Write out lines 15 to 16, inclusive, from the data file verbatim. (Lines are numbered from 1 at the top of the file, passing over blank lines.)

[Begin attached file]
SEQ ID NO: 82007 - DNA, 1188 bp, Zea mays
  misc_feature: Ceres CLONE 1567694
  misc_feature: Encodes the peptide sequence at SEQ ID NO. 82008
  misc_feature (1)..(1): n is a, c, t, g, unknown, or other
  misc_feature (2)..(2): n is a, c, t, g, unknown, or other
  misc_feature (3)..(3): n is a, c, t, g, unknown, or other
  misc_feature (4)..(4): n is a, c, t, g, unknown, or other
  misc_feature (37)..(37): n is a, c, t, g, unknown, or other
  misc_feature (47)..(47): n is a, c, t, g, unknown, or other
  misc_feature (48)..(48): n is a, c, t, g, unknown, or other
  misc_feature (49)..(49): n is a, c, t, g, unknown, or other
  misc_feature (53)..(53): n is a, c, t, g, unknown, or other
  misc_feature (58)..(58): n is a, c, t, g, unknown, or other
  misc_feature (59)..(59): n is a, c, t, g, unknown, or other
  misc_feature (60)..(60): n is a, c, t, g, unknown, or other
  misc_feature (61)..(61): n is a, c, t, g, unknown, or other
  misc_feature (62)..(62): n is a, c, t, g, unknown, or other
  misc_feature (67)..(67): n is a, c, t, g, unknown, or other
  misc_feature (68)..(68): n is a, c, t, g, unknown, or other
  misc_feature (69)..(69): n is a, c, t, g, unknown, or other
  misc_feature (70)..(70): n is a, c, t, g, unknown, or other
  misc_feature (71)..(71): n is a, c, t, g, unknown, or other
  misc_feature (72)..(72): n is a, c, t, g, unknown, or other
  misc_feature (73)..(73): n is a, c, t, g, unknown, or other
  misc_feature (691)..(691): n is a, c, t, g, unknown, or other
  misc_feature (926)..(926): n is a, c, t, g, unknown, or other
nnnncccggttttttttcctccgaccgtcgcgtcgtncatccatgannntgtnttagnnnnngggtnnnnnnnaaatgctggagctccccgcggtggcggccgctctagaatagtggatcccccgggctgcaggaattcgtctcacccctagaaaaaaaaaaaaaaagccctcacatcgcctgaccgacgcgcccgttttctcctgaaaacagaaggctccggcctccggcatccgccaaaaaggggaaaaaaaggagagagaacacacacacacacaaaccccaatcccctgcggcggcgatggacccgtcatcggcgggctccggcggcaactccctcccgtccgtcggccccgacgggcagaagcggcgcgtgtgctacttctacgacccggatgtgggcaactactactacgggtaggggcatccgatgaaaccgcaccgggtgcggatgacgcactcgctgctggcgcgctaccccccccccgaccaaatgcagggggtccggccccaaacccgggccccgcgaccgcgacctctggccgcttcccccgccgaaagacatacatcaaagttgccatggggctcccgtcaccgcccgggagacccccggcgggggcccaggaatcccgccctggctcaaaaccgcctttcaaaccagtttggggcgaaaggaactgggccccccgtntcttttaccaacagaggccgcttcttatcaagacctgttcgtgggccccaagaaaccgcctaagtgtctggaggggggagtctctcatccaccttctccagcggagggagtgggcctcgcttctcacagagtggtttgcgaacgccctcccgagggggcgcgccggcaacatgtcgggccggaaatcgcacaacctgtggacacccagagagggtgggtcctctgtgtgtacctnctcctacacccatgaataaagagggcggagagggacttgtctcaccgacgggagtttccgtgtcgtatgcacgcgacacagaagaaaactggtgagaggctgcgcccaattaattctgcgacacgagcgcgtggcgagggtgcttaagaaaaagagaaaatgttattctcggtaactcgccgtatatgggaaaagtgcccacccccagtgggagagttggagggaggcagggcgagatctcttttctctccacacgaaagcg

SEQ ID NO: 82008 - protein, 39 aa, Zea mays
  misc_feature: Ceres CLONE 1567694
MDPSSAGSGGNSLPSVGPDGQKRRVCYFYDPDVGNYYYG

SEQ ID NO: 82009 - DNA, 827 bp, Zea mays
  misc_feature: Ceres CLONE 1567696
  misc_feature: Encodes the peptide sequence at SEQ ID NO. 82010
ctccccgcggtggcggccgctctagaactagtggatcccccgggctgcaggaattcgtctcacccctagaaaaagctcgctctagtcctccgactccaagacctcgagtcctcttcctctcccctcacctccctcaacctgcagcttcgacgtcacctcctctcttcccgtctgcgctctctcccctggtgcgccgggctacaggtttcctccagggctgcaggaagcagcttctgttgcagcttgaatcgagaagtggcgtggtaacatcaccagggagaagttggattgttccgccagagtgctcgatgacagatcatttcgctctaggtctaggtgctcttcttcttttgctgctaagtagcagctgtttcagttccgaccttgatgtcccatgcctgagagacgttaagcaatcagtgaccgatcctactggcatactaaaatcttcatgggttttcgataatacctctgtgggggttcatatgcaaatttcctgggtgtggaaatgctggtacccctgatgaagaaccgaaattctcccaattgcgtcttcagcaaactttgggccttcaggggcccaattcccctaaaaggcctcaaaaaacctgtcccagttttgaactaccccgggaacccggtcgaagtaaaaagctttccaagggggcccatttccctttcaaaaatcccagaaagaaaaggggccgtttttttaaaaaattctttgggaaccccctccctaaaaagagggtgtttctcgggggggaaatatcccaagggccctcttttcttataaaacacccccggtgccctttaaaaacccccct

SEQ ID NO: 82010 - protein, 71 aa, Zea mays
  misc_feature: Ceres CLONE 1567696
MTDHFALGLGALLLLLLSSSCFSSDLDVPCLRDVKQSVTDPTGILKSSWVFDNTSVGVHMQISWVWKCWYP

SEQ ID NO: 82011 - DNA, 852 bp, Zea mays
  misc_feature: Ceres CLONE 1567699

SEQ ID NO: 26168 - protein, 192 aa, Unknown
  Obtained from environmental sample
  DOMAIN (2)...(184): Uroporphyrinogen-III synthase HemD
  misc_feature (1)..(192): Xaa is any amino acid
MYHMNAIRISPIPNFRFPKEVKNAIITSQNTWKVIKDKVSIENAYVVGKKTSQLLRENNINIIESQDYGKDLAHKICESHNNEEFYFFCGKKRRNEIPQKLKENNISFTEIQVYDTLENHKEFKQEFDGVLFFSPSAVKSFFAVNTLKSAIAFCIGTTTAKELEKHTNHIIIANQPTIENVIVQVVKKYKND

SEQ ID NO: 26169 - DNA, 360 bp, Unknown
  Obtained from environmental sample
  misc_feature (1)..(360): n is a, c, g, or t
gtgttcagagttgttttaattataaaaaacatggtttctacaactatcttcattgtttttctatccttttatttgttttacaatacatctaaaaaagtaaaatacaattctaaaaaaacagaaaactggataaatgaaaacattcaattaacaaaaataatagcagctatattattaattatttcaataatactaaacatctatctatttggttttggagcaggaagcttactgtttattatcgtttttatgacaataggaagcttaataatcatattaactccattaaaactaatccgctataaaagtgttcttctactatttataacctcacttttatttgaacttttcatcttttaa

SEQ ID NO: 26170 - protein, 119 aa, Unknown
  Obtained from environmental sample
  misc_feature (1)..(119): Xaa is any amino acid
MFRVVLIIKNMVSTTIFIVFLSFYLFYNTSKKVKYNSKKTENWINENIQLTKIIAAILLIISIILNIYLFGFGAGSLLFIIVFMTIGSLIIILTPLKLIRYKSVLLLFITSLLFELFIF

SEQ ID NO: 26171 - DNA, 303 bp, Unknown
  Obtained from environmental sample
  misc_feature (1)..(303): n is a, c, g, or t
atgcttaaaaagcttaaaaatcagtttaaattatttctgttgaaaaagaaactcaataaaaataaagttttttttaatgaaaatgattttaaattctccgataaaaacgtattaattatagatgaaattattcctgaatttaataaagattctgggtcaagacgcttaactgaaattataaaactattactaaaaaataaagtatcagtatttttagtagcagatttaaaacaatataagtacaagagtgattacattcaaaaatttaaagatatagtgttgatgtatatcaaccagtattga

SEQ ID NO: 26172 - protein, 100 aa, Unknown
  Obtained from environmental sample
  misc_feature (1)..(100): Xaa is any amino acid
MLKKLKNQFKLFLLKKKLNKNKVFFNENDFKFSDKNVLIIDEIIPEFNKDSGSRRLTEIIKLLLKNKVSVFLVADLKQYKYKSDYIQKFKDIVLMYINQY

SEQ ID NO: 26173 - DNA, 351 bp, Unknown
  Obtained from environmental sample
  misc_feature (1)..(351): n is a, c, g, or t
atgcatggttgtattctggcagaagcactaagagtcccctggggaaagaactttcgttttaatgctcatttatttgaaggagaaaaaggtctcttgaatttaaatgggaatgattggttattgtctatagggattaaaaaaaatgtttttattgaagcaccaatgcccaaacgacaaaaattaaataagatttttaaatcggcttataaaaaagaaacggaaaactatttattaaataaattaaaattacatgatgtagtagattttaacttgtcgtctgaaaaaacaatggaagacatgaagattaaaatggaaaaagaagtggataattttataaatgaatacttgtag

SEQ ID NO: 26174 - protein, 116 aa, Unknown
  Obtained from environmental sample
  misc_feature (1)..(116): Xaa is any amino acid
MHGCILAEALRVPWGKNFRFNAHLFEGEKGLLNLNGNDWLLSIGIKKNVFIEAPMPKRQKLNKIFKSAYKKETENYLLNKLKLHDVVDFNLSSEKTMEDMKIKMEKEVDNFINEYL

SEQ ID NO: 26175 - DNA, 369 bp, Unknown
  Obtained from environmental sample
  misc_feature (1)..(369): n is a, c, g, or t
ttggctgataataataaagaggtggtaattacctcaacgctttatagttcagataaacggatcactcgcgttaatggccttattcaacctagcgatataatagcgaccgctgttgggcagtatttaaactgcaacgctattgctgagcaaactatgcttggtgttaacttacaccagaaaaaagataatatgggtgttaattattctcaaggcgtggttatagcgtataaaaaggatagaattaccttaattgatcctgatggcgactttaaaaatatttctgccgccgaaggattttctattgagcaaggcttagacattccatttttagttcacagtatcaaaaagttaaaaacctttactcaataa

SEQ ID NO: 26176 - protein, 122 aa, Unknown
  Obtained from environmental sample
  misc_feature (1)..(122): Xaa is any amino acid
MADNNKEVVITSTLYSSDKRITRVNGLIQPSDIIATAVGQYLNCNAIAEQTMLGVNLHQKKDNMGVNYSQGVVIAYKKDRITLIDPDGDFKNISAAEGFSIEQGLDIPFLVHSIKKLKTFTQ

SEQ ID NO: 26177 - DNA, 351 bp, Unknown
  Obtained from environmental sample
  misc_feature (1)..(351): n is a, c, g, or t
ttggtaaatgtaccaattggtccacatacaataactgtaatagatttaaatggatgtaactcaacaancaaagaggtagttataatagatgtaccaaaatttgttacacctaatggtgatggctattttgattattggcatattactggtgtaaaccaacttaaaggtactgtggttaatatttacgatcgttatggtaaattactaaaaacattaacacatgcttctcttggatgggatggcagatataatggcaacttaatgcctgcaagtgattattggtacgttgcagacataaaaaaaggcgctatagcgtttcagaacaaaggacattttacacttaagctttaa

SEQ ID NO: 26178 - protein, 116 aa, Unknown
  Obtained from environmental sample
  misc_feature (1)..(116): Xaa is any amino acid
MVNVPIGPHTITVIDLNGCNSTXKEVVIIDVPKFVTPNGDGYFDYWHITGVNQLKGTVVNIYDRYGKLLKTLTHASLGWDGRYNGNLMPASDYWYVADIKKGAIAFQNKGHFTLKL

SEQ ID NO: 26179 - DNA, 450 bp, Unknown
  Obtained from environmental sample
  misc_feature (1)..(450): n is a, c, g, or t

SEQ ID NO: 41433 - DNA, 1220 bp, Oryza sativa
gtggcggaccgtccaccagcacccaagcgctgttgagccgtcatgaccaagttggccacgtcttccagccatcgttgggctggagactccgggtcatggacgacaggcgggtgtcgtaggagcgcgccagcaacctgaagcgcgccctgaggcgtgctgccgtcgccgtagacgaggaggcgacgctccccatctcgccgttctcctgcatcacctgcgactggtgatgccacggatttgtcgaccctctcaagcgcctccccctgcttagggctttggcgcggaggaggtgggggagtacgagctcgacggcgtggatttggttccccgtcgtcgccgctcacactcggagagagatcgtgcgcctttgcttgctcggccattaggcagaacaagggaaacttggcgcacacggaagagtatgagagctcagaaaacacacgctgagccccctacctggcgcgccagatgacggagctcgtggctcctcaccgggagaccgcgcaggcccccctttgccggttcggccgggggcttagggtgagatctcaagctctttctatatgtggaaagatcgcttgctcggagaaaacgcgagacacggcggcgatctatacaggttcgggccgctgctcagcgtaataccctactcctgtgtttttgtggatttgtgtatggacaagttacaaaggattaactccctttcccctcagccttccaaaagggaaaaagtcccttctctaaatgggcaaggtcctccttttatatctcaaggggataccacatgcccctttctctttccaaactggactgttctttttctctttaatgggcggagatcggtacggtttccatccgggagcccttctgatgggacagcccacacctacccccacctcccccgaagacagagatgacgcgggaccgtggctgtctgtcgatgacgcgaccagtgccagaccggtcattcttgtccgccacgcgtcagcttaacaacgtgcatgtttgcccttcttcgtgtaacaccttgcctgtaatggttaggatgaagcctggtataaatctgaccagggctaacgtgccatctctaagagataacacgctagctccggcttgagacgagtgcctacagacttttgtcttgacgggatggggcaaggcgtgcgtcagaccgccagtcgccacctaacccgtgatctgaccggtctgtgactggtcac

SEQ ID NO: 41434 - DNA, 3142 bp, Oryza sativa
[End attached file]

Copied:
  misc_feature (60)..(60): n is a, c, t, g, unknown, or other
  misc_feature (61)..(61): n is a, c, t, g, unknown, or other